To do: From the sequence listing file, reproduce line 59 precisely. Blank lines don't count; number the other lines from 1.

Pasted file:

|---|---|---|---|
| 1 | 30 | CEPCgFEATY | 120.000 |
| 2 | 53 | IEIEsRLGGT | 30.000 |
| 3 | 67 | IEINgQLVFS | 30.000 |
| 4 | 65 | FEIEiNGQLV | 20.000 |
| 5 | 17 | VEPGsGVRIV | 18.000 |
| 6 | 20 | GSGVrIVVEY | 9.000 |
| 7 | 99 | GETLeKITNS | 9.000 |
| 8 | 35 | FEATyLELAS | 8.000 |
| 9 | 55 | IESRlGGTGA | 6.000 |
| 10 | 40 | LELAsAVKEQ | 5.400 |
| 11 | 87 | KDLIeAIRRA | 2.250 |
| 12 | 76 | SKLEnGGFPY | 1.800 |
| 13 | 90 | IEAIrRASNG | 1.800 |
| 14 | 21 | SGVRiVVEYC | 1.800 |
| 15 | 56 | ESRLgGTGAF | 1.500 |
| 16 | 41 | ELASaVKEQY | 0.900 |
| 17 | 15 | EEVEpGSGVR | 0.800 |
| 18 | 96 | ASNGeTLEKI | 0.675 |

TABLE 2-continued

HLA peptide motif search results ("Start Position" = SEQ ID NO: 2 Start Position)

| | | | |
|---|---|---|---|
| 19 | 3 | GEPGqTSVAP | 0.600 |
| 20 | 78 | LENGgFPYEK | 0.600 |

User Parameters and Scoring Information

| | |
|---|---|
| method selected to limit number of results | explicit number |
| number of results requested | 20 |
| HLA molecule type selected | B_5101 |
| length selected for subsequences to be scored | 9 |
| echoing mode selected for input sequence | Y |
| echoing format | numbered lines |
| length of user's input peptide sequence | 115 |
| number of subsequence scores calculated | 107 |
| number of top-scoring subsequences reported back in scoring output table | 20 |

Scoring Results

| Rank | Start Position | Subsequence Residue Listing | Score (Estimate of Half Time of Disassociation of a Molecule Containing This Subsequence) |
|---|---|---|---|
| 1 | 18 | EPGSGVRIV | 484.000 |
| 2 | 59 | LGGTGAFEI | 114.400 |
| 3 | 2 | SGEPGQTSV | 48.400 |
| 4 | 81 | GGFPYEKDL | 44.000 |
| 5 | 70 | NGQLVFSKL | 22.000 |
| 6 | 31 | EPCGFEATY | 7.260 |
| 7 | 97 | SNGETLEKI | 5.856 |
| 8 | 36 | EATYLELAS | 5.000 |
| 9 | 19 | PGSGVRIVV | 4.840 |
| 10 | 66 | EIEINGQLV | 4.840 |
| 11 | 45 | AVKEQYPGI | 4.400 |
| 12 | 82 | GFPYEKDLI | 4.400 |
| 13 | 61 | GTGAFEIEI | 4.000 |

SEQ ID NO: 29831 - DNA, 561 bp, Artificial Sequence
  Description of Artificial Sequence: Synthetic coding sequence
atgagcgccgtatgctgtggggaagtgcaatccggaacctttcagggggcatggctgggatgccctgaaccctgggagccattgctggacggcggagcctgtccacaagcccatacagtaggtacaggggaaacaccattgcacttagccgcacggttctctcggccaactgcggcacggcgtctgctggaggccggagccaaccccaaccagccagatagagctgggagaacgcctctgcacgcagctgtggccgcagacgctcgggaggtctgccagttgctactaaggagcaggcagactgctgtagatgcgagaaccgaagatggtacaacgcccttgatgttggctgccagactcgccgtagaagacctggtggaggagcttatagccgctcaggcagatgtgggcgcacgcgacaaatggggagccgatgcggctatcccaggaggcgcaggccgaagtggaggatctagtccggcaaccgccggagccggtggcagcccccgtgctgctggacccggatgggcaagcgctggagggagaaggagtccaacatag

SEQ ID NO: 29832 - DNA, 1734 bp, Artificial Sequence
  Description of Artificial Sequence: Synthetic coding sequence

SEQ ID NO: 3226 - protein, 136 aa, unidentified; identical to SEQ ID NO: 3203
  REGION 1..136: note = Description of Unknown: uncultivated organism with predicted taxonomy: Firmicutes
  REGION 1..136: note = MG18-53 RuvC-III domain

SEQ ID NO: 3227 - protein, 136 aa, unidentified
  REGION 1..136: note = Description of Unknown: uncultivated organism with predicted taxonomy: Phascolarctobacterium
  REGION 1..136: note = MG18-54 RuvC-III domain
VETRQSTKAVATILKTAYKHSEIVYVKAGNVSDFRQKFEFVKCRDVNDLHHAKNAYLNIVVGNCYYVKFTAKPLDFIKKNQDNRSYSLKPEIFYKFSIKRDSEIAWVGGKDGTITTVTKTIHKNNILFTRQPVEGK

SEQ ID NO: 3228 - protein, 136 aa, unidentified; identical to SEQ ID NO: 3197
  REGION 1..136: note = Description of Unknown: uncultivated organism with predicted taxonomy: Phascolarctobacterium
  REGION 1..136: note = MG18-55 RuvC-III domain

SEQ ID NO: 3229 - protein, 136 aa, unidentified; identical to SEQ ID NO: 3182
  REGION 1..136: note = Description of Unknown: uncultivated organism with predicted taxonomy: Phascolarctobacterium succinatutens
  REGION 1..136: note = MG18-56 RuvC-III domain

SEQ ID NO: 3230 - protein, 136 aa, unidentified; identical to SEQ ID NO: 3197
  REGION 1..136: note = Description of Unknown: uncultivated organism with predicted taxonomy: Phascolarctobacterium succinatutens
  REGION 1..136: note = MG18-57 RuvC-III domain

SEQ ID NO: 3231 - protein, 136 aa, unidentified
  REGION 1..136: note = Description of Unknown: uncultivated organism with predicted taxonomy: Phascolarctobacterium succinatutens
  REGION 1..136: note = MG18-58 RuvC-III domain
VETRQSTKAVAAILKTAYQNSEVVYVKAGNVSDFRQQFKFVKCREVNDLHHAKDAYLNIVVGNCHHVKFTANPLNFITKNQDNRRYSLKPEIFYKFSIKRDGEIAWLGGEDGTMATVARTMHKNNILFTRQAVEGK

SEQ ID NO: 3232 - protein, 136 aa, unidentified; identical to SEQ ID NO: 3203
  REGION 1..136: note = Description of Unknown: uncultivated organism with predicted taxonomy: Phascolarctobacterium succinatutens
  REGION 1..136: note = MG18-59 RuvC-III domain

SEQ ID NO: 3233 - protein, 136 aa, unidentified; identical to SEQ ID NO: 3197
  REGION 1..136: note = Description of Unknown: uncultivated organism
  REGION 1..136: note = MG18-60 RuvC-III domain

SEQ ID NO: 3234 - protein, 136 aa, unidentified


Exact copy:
SEQ ID NO: 3226 - protein, 136 aa, unidentified; identical to SEQ ID NO: 3203